Comparing the effect of cooperative exams on student learning between an interactive lecture and a student-centered class

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2019-01-01
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Halligan, Theresa
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Cinzia Cervato
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Geological and Atmospheric Sciences

The Department of Geological and Atmospheric Sciences offers majors in three areas: Geology (traditional, environmental, or hydrogeology, for work as a surveyor or in mineral exploration), Meteorology (studies in global atmosphere, weather technology, and modeling for work as a meteorologist), and Earth Sciences (interdisciplinary mixture of geology, meteorology, and other natural sciences, with option of teacher-licensure).

History
The Department of Geology and Mining was founded in 1898. In 1902 its name changed to the Department of Geology. In 1965 its name changed to the Department of Earth Science. In 1977 its name changed to the Department of Earth Sciences. In 1989 its name changed to the Department of Geological and Atmospheric Sciences.

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1898-present

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  • Department of Geology and Mining (1898-1902)
  • Department of Geology (1902-1965)
  • Department of Earth Science (1965-1977)
  • Department of Earth Sciences (1977-1989)

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Geological and Atmospheric Sciences
Abstract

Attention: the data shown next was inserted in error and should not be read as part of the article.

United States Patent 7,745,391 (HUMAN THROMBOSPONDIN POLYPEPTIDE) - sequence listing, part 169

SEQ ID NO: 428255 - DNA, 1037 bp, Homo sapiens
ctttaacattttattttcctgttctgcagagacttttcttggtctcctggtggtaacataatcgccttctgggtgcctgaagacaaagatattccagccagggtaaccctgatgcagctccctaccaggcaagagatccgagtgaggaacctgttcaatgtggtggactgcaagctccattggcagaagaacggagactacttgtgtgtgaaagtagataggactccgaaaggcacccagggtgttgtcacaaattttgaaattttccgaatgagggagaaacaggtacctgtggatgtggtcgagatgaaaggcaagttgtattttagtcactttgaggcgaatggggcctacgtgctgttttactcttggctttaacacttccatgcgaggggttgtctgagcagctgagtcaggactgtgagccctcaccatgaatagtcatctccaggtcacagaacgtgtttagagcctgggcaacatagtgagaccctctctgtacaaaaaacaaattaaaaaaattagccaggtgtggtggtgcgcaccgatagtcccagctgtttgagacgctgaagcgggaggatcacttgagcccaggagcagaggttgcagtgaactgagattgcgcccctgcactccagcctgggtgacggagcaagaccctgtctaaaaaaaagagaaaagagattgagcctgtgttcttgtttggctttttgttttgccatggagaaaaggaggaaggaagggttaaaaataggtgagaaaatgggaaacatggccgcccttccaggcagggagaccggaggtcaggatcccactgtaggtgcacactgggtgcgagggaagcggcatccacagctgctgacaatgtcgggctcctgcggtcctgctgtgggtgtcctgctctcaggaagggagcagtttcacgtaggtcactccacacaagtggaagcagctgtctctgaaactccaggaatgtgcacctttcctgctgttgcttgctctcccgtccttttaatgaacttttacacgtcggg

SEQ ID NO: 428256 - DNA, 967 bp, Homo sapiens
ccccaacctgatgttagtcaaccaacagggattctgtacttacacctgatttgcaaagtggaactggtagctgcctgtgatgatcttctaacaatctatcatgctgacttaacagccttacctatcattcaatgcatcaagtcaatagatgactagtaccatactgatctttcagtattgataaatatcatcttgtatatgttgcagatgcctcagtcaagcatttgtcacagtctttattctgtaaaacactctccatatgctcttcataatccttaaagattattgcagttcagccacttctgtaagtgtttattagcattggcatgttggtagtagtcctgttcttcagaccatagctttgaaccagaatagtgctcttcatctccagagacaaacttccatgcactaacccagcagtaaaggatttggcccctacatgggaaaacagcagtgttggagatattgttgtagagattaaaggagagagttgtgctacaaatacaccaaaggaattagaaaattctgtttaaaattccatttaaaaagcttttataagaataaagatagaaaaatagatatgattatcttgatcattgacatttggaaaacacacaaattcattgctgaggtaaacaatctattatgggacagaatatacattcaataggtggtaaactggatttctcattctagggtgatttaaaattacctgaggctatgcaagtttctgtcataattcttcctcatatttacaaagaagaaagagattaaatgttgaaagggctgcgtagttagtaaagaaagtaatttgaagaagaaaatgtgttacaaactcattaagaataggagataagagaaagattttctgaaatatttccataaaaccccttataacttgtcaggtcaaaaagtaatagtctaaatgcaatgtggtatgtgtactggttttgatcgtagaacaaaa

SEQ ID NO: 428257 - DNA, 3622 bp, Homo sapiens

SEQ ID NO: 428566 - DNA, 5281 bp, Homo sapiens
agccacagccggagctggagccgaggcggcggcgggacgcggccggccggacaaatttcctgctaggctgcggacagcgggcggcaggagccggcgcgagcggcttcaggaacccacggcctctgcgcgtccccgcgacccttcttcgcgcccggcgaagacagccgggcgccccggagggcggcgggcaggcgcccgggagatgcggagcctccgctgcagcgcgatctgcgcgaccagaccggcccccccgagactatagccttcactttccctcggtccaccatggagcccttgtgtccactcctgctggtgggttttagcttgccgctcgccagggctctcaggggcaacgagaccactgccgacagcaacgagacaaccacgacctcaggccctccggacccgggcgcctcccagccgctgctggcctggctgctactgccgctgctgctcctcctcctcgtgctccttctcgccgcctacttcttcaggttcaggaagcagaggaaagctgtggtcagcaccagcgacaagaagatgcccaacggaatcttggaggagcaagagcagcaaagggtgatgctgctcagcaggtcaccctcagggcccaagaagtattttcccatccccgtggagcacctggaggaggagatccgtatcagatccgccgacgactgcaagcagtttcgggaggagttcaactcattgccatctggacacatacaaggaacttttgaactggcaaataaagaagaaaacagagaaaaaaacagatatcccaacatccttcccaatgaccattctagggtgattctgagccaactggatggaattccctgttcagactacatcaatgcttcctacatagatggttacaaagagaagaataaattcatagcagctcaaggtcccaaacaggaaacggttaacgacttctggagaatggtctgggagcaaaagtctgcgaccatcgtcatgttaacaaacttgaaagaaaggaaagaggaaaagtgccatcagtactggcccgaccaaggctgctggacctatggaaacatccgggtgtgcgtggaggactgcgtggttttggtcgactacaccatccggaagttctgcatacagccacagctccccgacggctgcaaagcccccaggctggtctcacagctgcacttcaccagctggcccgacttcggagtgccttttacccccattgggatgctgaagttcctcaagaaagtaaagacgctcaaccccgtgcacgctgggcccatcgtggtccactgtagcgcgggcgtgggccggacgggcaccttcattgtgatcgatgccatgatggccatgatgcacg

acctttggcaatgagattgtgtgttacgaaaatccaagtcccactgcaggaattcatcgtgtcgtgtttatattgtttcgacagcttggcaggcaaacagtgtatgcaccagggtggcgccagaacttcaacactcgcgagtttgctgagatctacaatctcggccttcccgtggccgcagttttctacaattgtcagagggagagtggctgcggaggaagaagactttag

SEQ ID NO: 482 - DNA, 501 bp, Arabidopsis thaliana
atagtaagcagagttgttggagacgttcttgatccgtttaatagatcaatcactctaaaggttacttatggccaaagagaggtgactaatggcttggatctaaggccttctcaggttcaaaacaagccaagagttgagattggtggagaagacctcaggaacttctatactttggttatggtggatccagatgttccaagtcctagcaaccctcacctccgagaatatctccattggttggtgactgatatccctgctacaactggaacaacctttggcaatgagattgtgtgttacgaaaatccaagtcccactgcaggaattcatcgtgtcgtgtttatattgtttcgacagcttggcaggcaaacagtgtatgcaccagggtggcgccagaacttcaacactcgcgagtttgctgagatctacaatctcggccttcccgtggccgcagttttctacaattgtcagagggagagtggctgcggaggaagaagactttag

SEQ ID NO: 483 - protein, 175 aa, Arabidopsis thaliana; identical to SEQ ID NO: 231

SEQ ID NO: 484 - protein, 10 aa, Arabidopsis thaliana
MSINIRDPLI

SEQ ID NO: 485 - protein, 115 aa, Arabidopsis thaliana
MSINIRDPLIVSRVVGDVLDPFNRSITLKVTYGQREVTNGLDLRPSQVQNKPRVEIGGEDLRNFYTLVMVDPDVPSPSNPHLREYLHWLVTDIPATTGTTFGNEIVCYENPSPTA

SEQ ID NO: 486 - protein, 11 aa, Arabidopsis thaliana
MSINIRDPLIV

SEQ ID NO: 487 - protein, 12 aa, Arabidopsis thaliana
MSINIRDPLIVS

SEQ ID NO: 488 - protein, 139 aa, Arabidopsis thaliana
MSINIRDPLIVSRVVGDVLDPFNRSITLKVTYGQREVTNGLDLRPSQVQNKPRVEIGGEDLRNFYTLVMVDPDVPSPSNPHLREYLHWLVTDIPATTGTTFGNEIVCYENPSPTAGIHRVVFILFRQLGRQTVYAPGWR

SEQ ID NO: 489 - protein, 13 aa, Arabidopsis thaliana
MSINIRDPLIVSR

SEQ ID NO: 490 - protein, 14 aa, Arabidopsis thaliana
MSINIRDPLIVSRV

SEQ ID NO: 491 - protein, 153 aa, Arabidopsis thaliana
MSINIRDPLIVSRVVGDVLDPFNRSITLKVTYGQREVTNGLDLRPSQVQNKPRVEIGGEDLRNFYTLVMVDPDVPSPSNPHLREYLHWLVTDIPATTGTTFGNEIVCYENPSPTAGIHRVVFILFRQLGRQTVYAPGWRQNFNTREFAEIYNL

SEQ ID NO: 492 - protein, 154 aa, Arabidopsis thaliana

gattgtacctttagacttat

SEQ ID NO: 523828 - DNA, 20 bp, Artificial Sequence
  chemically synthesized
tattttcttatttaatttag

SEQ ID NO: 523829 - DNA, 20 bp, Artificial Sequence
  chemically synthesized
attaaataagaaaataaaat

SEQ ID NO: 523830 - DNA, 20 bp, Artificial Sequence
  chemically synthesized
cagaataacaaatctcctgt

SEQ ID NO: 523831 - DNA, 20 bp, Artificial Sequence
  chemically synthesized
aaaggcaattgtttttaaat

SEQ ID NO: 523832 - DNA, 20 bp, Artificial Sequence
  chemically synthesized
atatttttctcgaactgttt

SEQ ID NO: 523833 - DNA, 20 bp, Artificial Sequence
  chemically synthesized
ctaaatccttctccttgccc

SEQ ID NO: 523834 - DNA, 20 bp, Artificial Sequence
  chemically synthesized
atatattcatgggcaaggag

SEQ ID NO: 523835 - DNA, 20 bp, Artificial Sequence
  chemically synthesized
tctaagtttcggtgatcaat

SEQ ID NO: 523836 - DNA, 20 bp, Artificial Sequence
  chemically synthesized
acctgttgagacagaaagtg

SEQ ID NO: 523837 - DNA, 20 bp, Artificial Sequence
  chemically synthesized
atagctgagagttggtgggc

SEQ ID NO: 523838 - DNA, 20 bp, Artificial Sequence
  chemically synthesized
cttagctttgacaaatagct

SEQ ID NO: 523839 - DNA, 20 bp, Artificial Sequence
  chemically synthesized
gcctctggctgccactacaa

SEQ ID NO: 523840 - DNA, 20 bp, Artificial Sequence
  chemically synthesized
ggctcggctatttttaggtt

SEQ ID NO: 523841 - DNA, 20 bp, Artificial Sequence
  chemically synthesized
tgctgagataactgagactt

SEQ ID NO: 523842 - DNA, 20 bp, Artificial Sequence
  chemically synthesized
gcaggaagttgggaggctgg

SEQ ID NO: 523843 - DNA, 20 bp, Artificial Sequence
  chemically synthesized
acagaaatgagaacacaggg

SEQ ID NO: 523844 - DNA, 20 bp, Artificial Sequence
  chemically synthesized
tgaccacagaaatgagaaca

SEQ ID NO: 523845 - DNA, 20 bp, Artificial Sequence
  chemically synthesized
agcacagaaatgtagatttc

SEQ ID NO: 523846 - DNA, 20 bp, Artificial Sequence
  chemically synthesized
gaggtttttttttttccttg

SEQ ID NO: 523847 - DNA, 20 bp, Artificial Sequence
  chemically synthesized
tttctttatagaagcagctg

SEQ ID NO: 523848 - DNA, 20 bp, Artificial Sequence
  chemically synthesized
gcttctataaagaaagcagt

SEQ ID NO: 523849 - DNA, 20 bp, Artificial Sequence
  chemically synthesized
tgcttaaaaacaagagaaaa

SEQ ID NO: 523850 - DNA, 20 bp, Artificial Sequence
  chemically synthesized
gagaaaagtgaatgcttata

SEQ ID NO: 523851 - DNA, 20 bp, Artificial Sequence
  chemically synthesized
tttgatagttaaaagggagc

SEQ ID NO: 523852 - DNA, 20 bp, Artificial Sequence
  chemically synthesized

In the 1960’s education research began to shift from behavioral learning theories to cognitive learning theories. This shift was driven by psychologists like Dewey, Piaget, and Vygotsky. Students were viewed as active participants in the learning process rather than passive learners. Research switched to how cognitive learning theories could be applied to education of students. This was the birth of active pedagogy. Current research is focused on comparing different active pedagogies. Recent research on student-centered classes and two-stage cooperative exams have shown positive effects in many fields. However, there is limited research on the effect in large (>100), introductory geology courses. This study is focused on the effect of changing from an interactive to a student-centered class with two-stage cooperative exams used in both settings. Students in consecutive fall semesters taught by the same professor were taught in an interactive pedagogy and then a student-centered pedagogy. Four exams were administered in each semester and kept the same between semesters for comparison. The student-centered class had significantly higher final grades compared to the interactive class. Within the student-centered class, male and STEM majors had significantly higher grades compared with female and non-STEM majors. Both classes show an increase in the retention of material from the first exam to the final exam. The student-centered class had significant improvement in normalized change scores from the beginning to the end of the semester and compared with the interactive class.

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Wed May 01 00:00:00 UTC 2019